The Boston Globe ran several front-page public health stories today, totally catching my attention. In case you missed it on NPR (I heard a few of them during my 6 hour drive from PA) or don't get the paper -- here are the links and a brief description of the stories.
- Safer Sex Campaign Launched by BPHC -- Boston Public Health Commission has launched their safer sex campaign targeting teens aged 15-19 because of the rising rates of Chlamydia (a serious STI) in this age group. The campaign uses new media, including YouTube (video above!) and Facebook, and more traditional forms of media -- MTV, for instance -- to communicate protecting yourself during sex (by using condoms) and getting tested for STI/HIV if sexually active. It uses a peer-to-peer model.
- MA Issues BPA Warning -- Children and pregnant women should avoid any and all contact with food and drink that has been stored or heated in containers with BPA. The article describes what to look for to avoid BPA plastics (7 PC or 7 on the bottom of the container where the recycle sign is) and who is most at risk: children and babies still in the womb. This warning does not mean that BPA will be banned from children's products, but it is a move in that direction.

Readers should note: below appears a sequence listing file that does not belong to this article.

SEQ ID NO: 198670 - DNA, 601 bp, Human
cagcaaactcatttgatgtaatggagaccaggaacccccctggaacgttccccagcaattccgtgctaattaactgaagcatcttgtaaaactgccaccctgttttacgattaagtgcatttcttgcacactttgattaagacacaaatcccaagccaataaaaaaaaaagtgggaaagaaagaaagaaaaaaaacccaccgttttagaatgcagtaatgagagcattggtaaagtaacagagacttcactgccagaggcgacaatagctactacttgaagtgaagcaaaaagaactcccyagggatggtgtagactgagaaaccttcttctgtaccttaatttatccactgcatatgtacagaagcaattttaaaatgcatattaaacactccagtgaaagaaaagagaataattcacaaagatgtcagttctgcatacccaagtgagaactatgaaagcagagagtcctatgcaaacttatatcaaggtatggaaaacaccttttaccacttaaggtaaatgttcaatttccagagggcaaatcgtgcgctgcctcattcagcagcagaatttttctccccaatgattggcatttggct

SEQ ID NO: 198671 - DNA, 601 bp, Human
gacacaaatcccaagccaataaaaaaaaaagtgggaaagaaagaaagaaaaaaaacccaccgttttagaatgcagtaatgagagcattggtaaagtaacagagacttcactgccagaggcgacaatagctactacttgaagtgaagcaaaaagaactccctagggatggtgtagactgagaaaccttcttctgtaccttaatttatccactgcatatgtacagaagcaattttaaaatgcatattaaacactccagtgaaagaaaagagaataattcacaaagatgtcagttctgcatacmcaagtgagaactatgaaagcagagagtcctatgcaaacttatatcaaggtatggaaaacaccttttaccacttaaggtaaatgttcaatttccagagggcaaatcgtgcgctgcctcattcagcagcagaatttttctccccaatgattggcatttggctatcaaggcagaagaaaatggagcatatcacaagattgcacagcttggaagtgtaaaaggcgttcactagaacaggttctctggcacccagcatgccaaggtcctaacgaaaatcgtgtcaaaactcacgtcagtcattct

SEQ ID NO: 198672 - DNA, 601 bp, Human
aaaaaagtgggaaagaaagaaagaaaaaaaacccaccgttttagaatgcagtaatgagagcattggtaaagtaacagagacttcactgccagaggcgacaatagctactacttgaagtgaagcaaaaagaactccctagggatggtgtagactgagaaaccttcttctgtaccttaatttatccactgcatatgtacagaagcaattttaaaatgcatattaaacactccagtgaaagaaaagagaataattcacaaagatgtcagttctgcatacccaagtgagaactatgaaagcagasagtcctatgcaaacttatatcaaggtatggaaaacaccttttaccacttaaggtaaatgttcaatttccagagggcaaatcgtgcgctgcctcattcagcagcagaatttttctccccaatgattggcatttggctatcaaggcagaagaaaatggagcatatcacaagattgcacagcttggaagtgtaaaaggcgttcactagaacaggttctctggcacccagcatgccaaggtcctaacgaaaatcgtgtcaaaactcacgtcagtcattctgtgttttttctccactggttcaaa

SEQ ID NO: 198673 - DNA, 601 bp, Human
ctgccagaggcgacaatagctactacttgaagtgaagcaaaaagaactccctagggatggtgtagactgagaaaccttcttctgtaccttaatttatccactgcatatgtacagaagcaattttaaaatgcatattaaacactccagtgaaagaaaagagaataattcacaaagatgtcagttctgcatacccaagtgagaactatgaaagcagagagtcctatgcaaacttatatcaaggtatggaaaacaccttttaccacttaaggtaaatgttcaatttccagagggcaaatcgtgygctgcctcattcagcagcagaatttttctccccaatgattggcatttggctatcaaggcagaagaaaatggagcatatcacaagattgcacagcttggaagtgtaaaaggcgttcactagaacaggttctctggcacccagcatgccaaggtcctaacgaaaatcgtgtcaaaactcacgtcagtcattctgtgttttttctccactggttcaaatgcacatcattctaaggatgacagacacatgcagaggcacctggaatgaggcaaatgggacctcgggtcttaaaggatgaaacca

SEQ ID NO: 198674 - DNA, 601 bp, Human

- 119 New Bedford Residents Sickened by 'Mystery Fumes' -- Black outs, nausea, and itchy throats were just a few of the symptoms of over a hundred people who visited the ABC Disposal Services Inc transfer station in New Bedford yesterday. Several people were admitted to the local hospital. The odor was overwhelming, described as 'propane gas with ammonia mixed into it' by one person affected. Illegal dumping may be to blame. Seems like a case for Erin Brocovich.
- Road Tests for the Elderly in NH -- Should MA adopt our neighbor's policy of regularly testing adults over age 65 for driving competency before reissuing licenses? This article makes the claim that doing so may reduce crash fatalities involving seniors.
- Koh Brothers Making a Difference in Washington -- Harvard's beloved Howard Koh joins his brother, Harold, in Washington as the Assistant Secretary for Health and Human Services. I've mentioned him before. The Public Health leadership course at HSPH will not be the same without him.
Woohoo -- public health getting the attention it deserves!